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Making a simple flight simulation for model rockets in Python

Photo by SpaceX on Unsplash

Model rocketry is an awesome hobby and as a space enthusiast I constantly try to do things related to it. One such thing is making flight path simulations. I am currently working on a full scale library for flight simulations and I thought I’ll share this piece of code with everyone. So let’s get started!


This code is only meant for rockets that go below 1 kilometres in the air. This is because I did not want to make things really complex by adding drag into the equations. Also through out the code we will be using the SI units. I am using Python 3.7.3 but you can use any version which supports matplotlib and numpy.

The code

Let us start off by choosing some values. I am considering the total mass with the motor (wet mass) to be 1 kg. I just randomly picked this value but if you have an actual rocket you must weigh things. Also I decided to use the Estes F15 motor because I think it is optimum for this simulation. I am going to make variables of the required properties of the motor.

totalMass = 1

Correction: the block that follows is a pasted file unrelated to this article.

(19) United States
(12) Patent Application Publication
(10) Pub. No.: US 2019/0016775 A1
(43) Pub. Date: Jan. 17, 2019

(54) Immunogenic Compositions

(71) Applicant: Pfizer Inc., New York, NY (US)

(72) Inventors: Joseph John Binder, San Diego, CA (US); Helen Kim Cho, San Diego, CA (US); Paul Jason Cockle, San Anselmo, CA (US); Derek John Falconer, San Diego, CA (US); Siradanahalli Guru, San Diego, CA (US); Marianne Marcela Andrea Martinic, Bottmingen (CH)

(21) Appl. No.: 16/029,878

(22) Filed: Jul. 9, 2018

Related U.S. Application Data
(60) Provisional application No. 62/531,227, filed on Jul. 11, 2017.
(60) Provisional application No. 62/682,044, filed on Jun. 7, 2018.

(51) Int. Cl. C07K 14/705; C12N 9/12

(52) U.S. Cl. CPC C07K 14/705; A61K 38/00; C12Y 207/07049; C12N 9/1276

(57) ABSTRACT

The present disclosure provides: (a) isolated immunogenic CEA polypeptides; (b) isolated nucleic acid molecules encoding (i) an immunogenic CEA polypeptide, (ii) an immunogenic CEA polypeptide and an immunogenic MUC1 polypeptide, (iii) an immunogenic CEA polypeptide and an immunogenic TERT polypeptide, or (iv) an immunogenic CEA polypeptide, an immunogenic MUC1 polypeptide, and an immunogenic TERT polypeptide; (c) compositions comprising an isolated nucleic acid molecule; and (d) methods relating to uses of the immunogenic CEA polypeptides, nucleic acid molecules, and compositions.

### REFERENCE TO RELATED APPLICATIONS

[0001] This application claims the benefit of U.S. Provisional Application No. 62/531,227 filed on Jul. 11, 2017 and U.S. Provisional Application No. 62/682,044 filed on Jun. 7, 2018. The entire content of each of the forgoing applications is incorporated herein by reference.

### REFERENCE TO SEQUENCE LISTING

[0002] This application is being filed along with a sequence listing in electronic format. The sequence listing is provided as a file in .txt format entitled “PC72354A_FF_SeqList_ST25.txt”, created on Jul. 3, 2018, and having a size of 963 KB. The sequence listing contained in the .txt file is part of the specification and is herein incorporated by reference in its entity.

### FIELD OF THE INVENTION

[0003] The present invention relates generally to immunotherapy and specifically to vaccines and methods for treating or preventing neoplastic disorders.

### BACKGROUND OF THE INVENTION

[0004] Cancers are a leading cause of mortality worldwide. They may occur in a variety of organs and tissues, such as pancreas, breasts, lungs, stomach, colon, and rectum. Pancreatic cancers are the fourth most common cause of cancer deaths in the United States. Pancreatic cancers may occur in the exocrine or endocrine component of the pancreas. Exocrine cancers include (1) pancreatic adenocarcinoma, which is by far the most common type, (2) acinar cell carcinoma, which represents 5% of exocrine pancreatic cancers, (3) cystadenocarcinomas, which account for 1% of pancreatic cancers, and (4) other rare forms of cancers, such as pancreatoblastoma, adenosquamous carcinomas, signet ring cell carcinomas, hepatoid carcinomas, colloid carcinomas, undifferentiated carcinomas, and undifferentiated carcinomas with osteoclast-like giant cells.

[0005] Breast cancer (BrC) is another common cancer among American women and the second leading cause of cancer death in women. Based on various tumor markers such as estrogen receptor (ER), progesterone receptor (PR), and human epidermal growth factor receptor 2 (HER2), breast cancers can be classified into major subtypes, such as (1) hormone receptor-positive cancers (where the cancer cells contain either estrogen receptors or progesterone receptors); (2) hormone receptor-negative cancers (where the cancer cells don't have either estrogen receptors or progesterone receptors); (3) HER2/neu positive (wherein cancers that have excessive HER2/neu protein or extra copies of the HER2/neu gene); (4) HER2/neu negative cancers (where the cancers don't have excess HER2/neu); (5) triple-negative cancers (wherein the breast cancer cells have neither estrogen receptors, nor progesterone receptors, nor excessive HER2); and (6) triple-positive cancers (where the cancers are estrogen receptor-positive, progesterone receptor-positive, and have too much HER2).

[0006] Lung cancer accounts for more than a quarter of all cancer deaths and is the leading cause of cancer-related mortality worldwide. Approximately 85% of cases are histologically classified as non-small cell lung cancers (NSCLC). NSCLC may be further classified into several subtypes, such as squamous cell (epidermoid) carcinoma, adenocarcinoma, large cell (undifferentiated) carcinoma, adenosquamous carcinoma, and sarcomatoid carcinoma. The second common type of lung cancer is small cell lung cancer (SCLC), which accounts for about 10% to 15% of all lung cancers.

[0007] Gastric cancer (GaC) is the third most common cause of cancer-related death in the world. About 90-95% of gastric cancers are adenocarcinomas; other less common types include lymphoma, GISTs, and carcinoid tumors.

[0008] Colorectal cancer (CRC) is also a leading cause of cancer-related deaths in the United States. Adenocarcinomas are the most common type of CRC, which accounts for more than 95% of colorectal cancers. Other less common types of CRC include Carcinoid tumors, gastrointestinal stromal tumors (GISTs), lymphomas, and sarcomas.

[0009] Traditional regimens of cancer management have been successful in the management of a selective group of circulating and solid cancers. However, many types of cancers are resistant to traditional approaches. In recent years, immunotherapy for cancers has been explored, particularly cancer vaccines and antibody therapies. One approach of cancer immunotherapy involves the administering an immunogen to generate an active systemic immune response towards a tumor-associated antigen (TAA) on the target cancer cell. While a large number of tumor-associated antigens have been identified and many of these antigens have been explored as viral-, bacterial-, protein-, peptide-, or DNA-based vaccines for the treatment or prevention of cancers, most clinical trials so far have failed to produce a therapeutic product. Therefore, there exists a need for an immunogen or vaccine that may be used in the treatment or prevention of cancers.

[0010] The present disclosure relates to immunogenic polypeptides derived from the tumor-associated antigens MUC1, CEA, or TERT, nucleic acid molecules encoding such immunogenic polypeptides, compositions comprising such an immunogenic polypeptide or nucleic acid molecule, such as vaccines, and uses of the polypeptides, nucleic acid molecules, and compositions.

dryMass = 0.906
burnTime = 3.4
totalImpulse = 49.6
propellantMass = 0.064

Next I am going to calculate things like the mass flow rate, the rate at which the motor uses propellant, and the average thrust. Due to simplicity, I am assuming that both of them are constant. However, this code will work even if you decide to add how those variables change with time.

averageThrust = totalImpulse/burnTime
massFlowRate = propellantMass/burnTime

Now I am going to make a time array that will have the different time stamps we will require. Because the burn time is to 1 decimal place, our time stamps must be to that d.p. too. However, if you want you can increase the accuracy.

import numpy as np
time = np.linspace(0, 10, 100, False)

“linspace” will give an array of numbers from 0 to 9.9. You can lookup the numpy documentation to learn more about linspace. So now I have a time axis.

It’s time to remember some basic physics. To get displacement we need velocity, for which we need acceleration. The area under the curve needs to be found out if we are going to find the velocity from acceleration. This is basic integration. Because this is a graph, we can easily find the area under the graph using the trapezium method. Let’s first make the array for thrust.

index = int(np.where(time==burnTime)[0] + 1)thrust = np.append(np.repeat(averageThrust, index), np.repeat(0, len(time) - index))

This will make an array which has the average thrust as the values till the burn time, but after that the array only has 0. Now, we must calculate how the mass changes with time.

mass = np.append(np.repeat(totalMass, index) - time[0:index] * massFlowRate, np.repeat(dryMass, len(time) - index))

We did the same thing here. Now we can get the graph of acceleration by dividing the thrust array by the mass array and then subtracting 9.81 (acceleration due to gravity) from the entire array.

acceleration = thrust/mass - 9.81

Next let’s plot a graph of the acceleration vs the time.

import matplotlib.pyplot as plt'dark_background')
plt.plot(time, acceleration)